Yellowknife city council voted down a plan to demolish the old Robertson headframe on Monday, giving the city more time to decide what to do with the iconic landmark.

At a vote Monday, councillors struck down a plan that would have seen the structure torn down as early as next summer. The decision came after members of the Mining Heritage Society urged the city to save the landmark.

Built in 1977, the headframe is the centrepiece of the Con Mine gold mine in Yellowknife, a 76-metre steel spire that dominates the skyline of the N.W.T. capital.

The mine itself operated from 1938 until 2003, long enough to make Con the longest running gold mine in the Northwest Territories.

The demolition of the Robertson headframe has been on hold since 2009 while the city decides what to do with it.

Uncertain future

City officials say the structure is too expensive and risky — it could cost as much as $1.5 million to maintain —  for the city to take on, and no one else has come forward. Some of the ideas under consideration are a rock climbing wall, a restaurant, the base for a zipline or a viewing platform for the Northern Lights.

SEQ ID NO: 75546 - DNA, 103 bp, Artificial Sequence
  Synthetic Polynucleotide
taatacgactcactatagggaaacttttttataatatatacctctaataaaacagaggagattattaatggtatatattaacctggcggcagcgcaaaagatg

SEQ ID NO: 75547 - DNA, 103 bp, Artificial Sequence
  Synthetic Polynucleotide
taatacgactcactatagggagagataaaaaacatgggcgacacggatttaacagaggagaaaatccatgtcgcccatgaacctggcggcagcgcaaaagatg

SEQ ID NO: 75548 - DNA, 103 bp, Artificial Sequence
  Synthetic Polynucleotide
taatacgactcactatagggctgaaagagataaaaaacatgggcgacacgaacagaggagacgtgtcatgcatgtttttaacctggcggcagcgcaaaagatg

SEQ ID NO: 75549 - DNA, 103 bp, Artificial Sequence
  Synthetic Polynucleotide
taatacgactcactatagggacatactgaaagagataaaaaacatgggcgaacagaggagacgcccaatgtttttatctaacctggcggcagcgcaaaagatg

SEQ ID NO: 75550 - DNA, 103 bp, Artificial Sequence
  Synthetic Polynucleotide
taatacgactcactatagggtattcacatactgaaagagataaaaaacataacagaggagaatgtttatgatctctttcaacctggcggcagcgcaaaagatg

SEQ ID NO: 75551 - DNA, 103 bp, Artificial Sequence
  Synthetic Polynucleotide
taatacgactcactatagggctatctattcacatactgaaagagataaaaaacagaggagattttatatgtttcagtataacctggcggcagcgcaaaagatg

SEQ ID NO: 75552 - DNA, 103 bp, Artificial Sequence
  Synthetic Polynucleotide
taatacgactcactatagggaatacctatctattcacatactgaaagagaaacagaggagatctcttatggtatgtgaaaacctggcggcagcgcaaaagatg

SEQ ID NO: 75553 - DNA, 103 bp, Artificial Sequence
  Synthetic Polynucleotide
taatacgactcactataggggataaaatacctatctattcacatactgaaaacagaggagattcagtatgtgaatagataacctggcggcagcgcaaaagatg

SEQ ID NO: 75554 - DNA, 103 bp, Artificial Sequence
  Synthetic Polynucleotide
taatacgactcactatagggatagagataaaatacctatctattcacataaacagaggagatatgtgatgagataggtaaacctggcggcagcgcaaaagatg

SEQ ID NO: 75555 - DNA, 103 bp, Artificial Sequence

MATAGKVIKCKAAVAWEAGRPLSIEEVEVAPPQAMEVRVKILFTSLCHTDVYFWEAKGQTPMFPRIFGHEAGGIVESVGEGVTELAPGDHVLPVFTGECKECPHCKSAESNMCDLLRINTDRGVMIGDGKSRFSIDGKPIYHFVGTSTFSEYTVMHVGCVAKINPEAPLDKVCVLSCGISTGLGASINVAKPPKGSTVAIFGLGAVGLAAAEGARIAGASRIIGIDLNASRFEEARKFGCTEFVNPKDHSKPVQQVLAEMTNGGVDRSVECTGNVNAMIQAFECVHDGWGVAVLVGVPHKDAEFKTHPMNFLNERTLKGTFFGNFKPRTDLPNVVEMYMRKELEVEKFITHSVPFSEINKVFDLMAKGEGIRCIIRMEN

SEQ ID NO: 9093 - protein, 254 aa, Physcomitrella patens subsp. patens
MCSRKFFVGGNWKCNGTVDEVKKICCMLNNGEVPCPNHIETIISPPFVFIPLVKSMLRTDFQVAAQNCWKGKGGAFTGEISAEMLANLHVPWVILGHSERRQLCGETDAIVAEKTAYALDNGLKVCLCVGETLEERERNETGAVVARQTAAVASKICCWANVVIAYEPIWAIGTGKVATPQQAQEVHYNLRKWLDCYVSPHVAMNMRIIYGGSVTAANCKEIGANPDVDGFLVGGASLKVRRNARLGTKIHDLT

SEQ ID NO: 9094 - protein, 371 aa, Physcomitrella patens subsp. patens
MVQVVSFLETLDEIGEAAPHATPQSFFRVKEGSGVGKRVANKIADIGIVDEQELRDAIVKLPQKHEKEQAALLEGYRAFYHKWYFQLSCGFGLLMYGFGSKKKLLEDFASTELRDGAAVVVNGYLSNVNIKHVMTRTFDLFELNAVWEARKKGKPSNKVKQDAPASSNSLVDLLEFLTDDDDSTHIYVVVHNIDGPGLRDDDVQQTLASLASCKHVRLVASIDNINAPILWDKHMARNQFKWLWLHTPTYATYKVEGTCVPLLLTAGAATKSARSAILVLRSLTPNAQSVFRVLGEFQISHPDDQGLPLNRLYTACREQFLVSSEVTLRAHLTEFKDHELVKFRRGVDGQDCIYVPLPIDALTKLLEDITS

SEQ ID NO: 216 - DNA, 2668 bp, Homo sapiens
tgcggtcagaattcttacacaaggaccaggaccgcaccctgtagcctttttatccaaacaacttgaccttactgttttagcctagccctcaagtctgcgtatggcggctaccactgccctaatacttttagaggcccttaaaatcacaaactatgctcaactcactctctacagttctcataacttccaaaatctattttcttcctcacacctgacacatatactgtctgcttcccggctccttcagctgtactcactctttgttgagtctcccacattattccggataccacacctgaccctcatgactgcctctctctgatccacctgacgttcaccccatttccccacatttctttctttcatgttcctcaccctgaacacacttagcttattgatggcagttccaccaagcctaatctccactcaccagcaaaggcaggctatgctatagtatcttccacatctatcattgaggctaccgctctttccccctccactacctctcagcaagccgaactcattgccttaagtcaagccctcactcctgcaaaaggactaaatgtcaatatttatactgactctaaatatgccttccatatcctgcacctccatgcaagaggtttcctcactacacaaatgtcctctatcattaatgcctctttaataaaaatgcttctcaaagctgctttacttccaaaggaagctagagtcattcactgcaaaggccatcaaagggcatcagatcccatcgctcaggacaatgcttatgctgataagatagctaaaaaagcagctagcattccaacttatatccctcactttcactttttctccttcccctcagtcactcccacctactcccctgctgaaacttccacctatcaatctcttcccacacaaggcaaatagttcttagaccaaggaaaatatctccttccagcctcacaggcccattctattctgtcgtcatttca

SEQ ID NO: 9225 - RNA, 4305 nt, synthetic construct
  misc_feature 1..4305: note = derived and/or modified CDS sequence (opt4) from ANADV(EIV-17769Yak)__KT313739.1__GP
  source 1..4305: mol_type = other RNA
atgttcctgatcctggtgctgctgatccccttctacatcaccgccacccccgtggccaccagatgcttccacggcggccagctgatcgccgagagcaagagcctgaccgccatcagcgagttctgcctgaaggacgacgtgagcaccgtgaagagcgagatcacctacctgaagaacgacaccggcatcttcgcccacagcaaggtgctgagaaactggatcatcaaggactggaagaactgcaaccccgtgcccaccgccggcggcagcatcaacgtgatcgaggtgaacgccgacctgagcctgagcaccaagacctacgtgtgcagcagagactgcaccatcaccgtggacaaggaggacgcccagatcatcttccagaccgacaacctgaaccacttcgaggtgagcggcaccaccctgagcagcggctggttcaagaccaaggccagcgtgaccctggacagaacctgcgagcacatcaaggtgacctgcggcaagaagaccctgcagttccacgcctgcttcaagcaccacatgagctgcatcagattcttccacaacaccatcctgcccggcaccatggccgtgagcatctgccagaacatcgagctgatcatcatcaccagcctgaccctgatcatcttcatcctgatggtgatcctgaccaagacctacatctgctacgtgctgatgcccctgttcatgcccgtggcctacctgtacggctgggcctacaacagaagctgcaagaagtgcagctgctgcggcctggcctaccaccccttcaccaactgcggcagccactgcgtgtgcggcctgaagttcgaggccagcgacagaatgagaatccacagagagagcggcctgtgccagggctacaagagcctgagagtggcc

Mining Heritage Society president Walt Humphries said the cost of preserving the structure is a small price to pay, considering the hundreds of millions of dollars mining has generated for the city. Humphries accused the city of dithering during the five years, instead of making an effort to save the head frame.

A majority of councillors who voted Monday agreed that the isue needs more time to come up with a solution. Councillor Linda Bussey has been canvassing for support to try and keep the headframe standing.

"I think we need to make that special effort to perserve our special land marks in our city. It's not an old city, and I mean if there's nothing left in 50 years, it's part of the soul, part of the heart," Bussey said.

Had the company gotten the go-ahead from council, work to tear down the Robertson headframe would have started next summer.